Willie CollinsWillie Collins

illie Collins hailed from North Carolina but by the mid 60s was in New York working professionally. My ears tell me that his obscure 45 with the Fats Gaines Orchestra for F & G is likely to have been his first record. Those lazy, easy going almost island vibes say mid 60s to me. But it was his work with that noted music man Ernest Kelley, prior to his famous relocation to Detroit, that first got him noticed Although not a full time member of the Combinations it seems clear that their 45 for Kelley’s tiny Soul-O-Sonic label features Collins’ hard edged gospel tones. The better side of this obscure piece is the doo wop influenced ballad “Please Don’t Leave Me” on which Willie’s pleading really hits the spot.

ollins also recorded as a solo act for Kelley with the rightly famous ListenTwo Lives in 1967. By then Otis Redding was such an important and successful artist it was inevitable that he would influence other, possibly less talented singers. "Influence" in some cases tripped over into "imitation" of course but singers like Johnny Soul and James Duncan kept mostly to the right side of the line.Willie Collins' "Two lives" walks a difficult tightrope. With a rhythm riff from "These arms of mine" and a horn chart that recalls "I've been loving you too long" the Otis factor scores pretty highly. What makes this a classic though is the depth and conviction that Collins brings to the song - a riveting vocal performance.

he number was penned by that very interesting back room musician Billy Nichols whose path crossed with Collins throughout the latter’s career. Willie’s excellent ListenDon’t Stop Now was another Nichols effort – and probably features his guitar as well. Even though this isn’t quite as deep as his initial release this is more very fine Big Apple balladry – and of course Collins’ vocal is impeccable.

Both Collins and Nichols were involved in a New York group called the Invaders at the end of the 60s. They moved to the Windy City, changing their name to the catchy B W & the Next Edition garnering a deal with Dakar. The pick of their sides is undoubtedly the melodic ListenChosen One co-written by Collins and arranged by Nichols, on which he again sounds just perfect – flexible and with a lovely sense of timing.

As the 70s wore on Collins took to calling himself Wil Collins & Willpower making disco music for Mercury and Bareback. Despite the unfortunate backing arrangements Collins never lost the feel and emotional power of a southern soul man – and his vocals are about the only positive things I can say about those two 45s. And this is despite the devotion of Northern soul fans to the synth led handclapping boredom of “Anything I Can Do”.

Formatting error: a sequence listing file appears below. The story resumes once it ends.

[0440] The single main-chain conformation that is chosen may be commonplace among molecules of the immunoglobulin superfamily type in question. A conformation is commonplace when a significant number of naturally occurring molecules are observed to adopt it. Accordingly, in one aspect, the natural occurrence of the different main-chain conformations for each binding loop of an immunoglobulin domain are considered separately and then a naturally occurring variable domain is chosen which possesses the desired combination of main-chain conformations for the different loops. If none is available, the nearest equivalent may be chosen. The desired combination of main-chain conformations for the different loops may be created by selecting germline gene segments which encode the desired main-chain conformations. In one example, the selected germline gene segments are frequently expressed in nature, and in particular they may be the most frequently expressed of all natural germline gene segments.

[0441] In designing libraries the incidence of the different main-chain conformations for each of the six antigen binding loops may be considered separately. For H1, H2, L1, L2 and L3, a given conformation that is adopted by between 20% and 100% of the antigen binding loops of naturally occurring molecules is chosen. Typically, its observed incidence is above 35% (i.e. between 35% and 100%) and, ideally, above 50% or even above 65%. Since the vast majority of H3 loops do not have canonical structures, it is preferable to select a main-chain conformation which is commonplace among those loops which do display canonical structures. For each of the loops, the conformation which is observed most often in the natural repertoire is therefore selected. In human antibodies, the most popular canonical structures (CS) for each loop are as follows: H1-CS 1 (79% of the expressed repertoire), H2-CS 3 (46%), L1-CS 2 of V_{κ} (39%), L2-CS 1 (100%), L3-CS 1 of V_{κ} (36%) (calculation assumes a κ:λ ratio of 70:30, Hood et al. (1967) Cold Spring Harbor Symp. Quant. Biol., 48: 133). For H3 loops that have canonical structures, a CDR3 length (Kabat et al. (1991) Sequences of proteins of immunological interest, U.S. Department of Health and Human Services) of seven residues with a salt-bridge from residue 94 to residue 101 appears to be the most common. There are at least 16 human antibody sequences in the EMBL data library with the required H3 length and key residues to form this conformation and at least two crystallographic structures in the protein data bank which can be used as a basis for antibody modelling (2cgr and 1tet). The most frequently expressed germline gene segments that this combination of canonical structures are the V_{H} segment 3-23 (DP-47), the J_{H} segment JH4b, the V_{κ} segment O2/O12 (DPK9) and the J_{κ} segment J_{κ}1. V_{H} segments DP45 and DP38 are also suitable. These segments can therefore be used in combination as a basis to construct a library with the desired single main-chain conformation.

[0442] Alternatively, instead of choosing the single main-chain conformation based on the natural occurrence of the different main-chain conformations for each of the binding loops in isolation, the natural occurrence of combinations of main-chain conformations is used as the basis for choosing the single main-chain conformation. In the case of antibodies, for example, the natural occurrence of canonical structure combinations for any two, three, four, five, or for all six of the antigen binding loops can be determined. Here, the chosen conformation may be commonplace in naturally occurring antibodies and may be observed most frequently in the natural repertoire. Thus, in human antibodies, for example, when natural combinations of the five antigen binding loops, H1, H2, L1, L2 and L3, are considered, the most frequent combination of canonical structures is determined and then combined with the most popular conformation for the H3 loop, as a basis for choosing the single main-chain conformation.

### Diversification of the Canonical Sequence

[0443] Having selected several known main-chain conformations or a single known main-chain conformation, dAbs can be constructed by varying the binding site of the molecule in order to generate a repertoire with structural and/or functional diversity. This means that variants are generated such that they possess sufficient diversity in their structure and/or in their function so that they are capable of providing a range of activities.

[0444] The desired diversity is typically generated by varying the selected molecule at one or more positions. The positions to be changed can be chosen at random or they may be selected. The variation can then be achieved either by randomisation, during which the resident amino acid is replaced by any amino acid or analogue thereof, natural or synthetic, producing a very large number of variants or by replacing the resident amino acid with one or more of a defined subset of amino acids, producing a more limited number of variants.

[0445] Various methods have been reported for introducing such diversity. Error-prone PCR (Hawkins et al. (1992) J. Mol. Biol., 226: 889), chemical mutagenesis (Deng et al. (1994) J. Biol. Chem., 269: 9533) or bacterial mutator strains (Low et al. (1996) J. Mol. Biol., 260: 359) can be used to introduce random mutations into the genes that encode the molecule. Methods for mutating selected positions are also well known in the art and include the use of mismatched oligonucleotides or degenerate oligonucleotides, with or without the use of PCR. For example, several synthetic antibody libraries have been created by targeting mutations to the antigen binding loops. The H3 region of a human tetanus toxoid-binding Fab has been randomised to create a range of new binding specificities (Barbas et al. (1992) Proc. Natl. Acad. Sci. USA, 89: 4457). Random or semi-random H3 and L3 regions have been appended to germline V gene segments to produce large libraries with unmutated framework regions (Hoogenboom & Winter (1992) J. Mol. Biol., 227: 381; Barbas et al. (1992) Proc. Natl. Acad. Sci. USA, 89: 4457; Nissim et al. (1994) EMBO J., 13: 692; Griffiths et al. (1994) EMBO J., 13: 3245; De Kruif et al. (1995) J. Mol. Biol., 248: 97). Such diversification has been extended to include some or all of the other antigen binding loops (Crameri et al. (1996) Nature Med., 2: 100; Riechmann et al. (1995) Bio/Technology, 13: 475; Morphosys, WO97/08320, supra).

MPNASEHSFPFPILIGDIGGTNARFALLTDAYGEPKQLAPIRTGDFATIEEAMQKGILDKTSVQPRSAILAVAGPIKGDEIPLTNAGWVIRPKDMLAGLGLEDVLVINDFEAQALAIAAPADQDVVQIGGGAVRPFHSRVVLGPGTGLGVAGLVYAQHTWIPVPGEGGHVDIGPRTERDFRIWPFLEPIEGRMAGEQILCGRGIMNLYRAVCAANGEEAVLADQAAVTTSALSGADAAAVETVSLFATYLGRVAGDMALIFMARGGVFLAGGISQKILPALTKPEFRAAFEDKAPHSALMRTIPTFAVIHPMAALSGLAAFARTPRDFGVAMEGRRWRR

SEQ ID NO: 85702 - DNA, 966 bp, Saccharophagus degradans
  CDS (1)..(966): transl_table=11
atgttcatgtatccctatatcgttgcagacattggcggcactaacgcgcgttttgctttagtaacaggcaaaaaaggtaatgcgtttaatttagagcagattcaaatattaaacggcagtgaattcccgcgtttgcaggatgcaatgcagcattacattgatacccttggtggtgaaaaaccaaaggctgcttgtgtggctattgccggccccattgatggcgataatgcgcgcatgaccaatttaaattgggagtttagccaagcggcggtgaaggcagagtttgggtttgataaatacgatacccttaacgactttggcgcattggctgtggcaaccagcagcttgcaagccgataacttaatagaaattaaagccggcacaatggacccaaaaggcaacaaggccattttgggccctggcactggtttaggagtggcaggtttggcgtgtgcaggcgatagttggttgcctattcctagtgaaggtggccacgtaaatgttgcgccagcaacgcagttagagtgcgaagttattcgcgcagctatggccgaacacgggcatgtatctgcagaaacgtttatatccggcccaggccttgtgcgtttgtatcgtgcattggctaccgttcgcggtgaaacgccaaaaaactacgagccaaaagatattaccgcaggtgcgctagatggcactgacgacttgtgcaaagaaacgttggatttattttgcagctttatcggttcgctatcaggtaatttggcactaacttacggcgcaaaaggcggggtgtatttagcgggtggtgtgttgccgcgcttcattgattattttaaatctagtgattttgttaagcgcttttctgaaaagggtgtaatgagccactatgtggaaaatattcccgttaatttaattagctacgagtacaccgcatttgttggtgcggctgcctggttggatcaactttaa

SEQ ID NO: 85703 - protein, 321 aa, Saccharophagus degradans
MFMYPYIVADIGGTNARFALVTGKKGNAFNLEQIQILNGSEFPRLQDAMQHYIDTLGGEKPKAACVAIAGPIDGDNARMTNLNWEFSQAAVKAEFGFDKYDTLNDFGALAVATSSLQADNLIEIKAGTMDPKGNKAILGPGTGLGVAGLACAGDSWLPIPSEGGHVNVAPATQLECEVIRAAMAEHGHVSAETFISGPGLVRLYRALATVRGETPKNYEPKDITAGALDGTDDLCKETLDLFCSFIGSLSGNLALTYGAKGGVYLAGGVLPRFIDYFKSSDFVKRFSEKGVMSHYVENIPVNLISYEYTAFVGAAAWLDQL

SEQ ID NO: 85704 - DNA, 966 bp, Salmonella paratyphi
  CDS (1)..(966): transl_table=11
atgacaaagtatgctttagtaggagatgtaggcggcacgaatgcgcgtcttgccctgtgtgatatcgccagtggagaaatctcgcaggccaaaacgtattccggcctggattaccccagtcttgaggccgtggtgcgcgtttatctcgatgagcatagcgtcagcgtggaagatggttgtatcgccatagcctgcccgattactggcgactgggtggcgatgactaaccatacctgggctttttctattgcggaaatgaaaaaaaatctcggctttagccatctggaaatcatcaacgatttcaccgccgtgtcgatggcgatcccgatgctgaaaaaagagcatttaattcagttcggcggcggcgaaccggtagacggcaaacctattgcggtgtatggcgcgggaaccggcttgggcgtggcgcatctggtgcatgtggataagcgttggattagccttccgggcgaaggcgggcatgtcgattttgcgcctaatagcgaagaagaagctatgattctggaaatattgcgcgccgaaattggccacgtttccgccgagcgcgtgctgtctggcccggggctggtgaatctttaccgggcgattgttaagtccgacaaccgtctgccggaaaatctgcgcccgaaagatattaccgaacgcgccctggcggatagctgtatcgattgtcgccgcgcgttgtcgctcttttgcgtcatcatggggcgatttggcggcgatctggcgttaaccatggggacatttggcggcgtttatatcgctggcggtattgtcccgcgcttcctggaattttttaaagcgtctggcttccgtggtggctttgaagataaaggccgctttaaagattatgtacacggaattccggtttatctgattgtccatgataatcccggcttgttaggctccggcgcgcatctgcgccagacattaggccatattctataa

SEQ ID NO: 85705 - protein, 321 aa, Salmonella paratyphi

As happened so often to real soul men in the 80s Collins had some of his rougher edges smoothed over when he joined Capitol – his only chance at success with a major record company behind him. Collins and Billy Nichols contributed most of the songs and shared production duties on the “Where You Gonna Be Tonight” set, from which Capitol issued a couple of 45s. The first of these featured the easy paced quiet storm ballad ListenLet’s Get Started which resulted in Collins only chart entry. The title track was the second single but it was nothing special and sounded too derivative of so much of mid 1980s soul.

And aside from a rather ineffectual duet with Beverly Crosby that was the end of Willie Collins recordings. Throughout he remained an unheralded singer – full of gospel fire but sadly not at all successful. When last heard of he was singing gospel with a self-produced CD out since the new millennium.

We wish him all the best in his natural music home with thanks for the 45s.












Too hard to control / My love will never fade away ~ F & G 101 (mid 60s?)
ListenTwo lives / I want some satisfaction ~ GENEVA 104 (1967)
Stop in the name of love / ListenDon’t stop now ~ PANIC 102 (1972)
She’s hot / Pt 2 ~ SKYRIDE 1001 (1983)
ListenLet’s get started / Sticky situation ~ CAPITOL 5554 (1986)
Where you gonna be tonight / Girl in the corner ~ CAPITOL 5603 (1986)


Where you gonna be tonight ~ CAPITOL ST 12442 (1986)


The right perspective ~ HIS GRACE (2008)


Stay with me baby / same ~ DAKAR 4522 (1973)
Work work work / ListenChosen one ~ DAKAR 4540 (1974)


Say it play it / Don’t fight the feeling’ ~ MERCURY 73744 (1976)
Anything I can do / Oh so good ~ BAREBACK 531 (1977)
Isn’t it lonely together / Same ~ APO 312 (W/ BEVERLY CROSBY)


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